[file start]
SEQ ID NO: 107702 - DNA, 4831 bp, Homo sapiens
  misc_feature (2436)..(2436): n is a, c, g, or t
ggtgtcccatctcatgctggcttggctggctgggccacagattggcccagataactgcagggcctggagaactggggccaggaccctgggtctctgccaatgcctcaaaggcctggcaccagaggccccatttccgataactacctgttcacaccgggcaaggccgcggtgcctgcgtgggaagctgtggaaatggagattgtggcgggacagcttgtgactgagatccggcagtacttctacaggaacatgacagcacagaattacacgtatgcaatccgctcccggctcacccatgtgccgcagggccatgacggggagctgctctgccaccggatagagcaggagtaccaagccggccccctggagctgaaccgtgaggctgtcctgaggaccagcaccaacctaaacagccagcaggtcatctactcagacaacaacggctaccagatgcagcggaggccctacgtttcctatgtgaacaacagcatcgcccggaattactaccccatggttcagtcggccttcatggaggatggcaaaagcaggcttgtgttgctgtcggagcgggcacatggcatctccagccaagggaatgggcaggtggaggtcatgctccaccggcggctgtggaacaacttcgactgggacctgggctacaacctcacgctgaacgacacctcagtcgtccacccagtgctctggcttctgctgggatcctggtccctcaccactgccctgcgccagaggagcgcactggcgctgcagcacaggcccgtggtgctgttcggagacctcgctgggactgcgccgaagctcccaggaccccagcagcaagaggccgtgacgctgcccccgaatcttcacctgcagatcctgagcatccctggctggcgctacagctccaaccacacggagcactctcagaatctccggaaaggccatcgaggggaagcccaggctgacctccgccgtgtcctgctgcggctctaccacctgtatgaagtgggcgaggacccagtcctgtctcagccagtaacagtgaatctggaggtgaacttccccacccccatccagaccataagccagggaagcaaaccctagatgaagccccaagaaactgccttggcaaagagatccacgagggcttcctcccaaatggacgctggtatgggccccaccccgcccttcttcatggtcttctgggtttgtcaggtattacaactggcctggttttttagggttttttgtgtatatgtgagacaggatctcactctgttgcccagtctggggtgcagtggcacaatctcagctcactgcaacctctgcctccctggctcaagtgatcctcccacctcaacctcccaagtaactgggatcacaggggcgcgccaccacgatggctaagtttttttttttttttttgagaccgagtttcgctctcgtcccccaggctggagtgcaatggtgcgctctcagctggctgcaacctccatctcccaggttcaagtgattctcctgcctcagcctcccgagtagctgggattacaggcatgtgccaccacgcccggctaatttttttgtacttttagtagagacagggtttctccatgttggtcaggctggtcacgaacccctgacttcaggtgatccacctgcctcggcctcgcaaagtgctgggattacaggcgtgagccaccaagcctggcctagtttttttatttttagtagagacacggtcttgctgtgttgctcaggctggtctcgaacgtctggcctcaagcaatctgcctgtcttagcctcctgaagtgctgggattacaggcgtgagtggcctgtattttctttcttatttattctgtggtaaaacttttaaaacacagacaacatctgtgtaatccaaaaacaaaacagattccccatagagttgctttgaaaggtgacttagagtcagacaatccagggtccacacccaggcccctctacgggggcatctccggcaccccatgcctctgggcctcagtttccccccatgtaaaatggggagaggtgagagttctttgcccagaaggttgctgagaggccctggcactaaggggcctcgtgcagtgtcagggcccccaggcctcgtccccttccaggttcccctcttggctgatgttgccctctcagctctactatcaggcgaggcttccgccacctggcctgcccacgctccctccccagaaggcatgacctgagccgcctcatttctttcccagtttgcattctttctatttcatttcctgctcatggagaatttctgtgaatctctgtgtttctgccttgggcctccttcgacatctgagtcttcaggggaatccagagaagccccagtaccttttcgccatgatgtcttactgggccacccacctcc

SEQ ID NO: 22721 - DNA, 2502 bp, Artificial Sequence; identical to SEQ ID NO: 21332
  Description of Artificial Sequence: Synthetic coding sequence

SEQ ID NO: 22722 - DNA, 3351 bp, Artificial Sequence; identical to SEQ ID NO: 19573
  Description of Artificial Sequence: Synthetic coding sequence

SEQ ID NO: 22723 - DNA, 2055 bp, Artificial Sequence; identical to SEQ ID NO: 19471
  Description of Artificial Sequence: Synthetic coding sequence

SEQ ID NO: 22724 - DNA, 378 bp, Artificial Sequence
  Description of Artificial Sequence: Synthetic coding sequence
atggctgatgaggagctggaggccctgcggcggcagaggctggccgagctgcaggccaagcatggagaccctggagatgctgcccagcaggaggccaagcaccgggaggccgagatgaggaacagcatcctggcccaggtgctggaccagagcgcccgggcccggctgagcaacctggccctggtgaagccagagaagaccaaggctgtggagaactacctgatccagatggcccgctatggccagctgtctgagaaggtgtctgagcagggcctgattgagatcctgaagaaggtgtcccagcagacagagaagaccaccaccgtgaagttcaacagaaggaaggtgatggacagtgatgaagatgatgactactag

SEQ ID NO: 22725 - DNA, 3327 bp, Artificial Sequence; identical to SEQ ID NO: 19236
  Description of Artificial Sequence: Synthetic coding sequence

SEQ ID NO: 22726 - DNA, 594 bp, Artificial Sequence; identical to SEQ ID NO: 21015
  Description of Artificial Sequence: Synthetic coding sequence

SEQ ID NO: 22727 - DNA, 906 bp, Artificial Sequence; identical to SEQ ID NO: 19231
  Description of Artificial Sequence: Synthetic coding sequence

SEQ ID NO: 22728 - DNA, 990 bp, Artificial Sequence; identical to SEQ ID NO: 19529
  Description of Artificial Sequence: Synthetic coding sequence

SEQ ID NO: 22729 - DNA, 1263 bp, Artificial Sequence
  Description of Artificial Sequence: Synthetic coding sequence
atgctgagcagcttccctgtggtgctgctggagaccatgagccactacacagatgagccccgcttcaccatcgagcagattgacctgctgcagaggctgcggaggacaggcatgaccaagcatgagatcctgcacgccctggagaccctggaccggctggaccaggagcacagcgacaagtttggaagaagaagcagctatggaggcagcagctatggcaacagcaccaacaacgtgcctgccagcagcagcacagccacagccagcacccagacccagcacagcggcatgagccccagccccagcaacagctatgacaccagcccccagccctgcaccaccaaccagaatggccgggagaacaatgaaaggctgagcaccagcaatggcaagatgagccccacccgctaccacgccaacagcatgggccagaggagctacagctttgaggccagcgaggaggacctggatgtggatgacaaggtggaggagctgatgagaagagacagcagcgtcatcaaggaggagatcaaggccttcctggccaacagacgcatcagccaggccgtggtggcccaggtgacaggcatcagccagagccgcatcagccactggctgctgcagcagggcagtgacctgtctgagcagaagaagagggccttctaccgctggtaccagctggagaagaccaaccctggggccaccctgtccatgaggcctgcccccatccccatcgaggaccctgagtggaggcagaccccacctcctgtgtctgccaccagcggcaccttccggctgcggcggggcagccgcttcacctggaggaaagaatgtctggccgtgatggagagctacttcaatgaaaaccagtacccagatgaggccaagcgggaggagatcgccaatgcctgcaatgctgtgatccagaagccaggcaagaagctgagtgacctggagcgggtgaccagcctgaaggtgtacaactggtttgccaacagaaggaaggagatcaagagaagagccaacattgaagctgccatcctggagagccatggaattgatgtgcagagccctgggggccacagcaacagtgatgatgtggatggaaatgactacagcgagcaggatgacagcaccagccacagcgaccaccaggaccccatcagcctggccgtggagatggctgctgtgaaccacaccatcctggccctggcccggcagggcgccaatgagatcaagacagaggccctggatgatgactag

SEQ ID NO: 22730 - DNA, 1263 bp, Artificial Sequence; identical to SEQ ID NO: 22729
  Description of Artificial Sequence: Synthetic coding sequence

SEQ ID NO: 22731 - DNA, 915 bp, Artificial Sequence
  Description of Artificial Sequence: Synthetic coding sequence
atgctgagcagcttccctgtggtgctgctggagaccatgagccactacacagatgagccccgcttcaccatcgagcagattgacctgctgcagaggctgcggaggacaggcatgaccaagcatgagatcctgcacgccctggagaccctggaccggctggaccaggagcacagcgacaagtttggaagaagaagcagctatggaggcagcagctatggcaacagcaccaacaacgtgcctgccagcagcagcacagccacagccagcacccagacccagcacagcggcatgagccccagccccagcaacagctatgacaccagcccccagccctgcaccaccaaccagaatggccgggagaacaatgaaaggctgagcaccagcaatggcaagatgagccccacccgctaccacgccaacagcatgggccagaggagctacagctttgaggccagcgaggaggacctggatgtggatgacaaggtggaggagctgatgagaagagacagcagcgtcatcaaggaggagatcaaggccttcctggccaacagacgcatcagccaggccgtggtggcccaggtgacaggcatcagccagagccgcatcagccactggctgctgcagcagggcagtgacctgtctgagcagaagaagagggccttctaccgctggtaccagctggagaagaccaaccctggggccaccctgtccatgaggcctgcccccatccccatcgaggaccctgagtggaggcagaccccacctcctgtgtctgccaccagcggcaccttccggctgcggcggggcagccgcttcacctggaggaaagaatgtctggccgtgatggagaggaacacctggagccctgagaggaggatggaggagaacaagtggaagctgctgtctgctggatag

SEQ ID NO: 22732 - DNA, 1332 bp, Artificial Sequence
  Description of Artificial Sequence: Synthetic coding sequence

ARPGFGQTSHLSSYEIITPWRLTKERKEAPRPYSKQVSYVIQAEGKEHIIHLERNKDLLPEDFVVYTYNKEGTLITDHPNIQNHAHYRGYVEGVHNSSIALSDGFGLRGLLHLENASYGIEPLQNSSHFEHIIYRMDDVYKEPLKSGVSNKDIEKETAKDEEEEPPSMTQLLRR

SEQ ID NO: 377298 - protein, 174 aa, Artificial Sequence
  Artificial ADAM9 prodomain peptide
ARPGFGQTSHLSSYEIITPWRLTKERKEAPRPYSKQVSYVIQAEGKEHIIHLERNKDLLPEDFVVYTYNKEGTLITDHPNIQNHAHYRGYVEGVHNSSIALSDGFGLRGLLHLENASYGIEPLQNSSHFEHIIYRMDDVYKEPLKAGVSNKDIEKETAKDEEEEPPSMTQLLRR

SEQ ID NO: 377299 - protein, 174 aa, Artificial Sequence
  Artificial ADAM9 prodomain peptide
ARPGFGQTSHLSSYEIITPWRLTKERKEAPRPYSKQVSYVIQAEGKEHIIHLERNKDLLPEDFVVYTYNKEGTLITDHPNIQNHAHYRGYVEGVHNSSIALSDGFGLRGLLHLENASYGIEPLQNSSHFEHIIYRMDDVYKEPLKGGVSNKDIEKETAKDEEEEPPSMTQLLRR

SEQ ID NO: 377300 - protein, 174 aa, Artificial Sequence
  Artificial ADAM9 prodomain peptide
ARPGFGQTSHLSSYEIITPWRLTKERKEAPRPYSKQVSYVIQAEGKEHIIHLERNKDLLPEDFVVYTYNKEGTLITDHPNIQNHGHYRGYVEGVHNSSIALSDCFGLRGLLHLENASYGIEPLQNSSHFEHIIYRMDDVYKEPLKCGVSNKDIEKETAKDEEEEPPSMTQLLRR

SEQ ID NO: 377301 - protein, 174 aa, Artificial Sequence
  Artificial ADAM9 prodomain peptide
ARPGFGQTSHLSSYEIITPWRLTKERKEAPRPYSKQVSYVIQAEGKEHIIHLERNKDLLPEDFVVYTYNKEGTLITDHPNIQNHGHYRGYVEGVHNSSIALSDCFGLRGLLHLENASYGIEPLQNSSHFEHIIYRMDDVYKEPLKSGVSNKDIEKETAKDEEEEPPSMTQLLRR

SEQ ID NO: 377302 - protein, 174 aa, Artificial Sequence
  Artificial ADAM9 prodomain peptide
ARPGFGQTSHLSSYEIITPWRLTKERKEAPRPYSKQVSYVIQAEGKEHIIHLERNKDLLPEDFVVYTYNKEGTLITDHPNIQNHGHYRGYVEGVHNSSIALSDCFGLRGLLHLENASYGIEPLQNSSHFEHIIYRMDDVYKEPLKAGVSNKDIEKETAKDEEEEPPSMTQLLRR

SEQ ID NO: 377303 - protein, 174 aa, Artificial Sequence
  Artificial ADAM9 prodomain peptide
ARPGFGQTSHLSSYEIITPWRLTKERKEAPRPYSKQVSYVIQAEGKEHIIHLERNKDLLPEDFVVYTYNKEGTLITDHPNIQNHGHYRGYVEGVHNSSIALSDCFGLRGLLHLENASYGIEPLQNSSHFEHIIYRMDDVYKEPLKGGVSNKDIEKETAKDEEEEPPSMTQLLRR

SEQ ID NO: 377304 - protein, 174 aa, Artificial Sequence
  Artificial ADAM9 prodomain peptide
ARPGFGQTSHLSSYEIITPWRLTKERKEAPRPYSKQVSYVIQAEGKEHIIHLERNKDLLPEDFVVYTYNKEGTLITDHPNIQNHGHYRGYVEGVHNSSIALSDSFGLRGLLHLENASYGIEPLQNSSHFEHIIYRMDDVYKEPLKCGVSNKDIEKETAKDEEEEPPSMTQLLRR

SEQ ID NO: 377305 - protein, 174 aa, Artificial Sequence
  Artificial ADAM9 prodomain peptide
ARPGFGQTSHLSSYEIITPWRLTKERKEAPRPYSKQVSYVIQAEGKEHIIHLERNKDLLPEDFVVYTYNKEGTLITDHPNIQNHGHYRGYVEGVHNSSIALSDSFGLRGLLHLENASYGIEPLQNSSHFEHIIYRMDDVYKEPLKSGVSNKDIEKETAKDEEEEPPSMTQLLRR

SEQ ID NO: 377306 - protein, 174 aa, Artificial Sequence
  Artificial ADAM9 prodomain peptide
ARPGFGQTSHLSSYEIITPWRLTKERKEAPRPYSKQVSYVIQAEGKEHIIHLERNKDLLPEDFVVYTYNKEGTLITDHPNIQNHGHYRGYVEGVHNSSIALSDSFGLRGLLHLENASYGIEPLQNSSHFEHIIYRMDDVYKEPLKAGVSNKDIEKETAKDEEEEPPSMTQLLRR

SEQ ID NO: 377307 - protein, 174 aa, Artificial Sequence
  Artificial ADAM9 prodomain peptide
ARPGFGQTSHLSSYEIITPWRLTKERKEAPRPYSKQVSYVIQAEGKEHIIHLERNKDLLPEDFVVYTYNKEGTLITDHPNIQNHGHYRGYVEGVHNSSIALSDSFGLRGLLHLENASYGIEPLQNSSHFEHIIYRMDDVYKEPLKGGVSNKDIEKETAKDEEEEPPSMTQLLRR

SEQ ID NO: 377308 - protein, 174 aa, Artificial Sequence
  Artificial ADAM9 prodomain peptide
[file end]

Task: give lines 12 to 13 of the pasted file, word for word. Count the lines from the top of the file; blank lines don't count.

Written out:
atggctgatgaggagctggaggccctgcggcggcagaggctggccgagctgcaggccaagcatggagaccctggagatgctgcccagcaggaggccaagcaccgggaggccgagatgaggaacagcatcctggcccaggtgctggaccagagcgcccgggcccggctgagcaacctggccctggtgaagccagagaagaccaaggctgtggagaactacctgatccagatggcccgctatggccagctgtctgagaaggtgtctgagcagggcctgattgagatcctgaagaaggtgtcccagcagacagagaagaccaccaccgtgaagttcaacagaaggaaggtgatggacagtgatgaagatgatgactactag

SEQ ID NO: 22725 - DNA, 3327 bp, Artificial Sequence; identical to SEQ ID NO: 19236